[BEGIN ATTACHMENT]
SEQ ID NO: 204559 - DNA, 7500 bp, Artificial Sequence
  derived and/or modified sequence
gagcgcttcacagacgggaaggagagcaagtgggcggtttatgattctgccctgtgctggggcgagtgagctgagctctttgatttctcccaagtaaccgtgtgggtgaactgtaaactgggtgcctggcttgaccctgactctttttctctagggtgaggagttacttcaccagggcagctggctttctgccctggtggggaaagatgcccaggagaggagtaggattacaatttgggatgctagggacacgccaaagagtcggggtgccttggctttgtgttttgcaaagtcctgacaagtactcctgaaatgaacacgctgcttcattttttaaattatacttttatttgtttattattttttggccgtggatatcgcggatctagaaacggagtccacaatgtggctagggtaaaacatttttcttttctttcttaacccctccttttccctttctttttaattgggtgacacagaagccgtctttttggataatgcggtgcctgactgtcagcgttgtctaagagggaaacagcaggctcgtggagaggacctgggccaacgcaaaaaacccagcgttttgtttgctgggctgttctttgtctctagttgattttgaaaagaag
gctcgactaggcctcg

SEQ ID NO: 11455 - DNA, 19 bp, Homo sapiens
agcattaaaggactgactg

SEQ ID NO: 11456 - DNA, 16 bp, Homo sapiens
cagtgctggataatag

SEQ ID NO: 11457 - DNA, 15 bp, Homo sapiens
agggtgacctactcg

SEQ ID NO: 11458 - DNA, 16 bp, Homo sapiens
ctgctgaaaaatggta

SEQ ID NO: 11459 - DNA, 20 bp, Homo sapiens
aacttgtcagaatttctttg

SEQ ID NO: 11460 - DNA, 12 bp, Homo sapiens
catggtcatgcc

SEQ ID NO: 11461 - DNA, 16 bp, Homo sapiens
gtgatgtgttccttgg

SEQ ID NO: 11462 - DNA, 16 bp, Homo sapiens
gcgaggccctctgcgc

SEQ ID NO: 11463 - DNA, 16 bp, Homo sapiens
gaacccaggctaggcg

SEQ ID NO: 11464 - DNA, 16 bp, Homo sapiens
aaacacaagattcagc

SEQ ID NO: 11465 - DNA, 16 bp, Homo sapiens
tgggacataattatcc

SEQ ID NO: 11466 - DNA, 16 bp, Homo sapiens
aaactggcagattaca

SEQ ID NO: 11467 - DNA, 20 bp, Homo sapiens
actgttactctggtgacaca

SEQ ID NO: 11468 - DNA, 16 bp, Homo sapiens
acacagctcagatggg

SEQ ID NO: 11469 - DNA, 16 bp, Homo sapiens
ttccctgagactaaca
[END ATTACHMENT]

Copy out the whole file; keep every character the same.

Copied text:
SEQ ID NO: 204559 - DNA, 7500 bp, Artificial Sequence
  derived and/or modified sequence
gagcgcttcacagacgggaaggagagcaagtgggcggtttatgattctgccctgtgctggggcgagtgagctgagctctttgatttctcccaagtaaccgtgtgggtgaactgtaaactgggtgcctggcttgaccctgactctttttctctagggtgaggagttacttcaccagggcagctggctttctgccctggtggggaaagatgcccaggagaggagtaggattacaatttgggatgctagggacacgccaaagagtcggggtgccttggctttgtgttttgcaaagtcctgacaagtactcctgaaatgaacacgctgcttcattttttaaattatacttttatttgtttattattttttggccgtggatatcgcggatctagaaacggagtccacaatgtggctagggtaaaacatttttcttttctttcttaacccctccttttccctttctttttaattgggtgacacagaagccgtctttttggataatgcggtgcctgactgtcagcgttgtctaagagggaaacagcaggctcgtggagaggacctgggccaacgcaaaaaacccagcgttttgtttgctgggctgttctttgtctctagttgattttgaaaagaag
gctcgactaggcctcg

SEQ ID NO: 11455 - DNA, 19 bp, Homo sapiens
agcattaaaggactgactg

SEQ ID NO: 11456 - DNA, 16 bp, Homo sapiens
cagtgctggataatag

SEQ ID NO: 11457 - DNA, 15 bp, Homo sapiens
agggtgacctactcg

SEQ ID NO: 11458 - DNA, 16 bp, Homo sapiens
ctgctgaaaaatggta

SEQ ID NO: 11459 - DNA, 20 bp, Homo sapiens
aacttgtcagaatttctttg

SEQ ID NO: 11460 - DNA, 12 bp, Homo sapiens
catggtcatgcc

SEQ ID NO: 11461 - DNA, 16 bp, Homo sapiens
gtgatgtgttccttgg

SEQ ID NO: 11462 - DNA, 16 bp, Homo sapiens
gcgaggccctctgcgc

SEQ ID NO: 11463 - DNA, 16 bp, Homo sapiens
gaacccaggctaggcg

SEQ ID NO: 11464 - DNA, 16 bp, Homo sapiens
aaacacaagattcagc

SEQ ID NO: 11465 - DNA, 16 bp, Homo sapiens
tgggacataattatcc

SEQ ID NO: 11466 - DNA, 16 bp, Homo sapiens
aaactggcagattaca

SEQ ID NO: 11467 - DNA, 20 bp, Homo sapiens
actgttactctggtgacaca

SEQ ID NO: 11468 - DNA, 16 bp, Homo sapiens
acacagctcagatggg

SEQ ID NO: 11469 - DNA, 16 bp, Homo sapiens
ttccctgagactaaca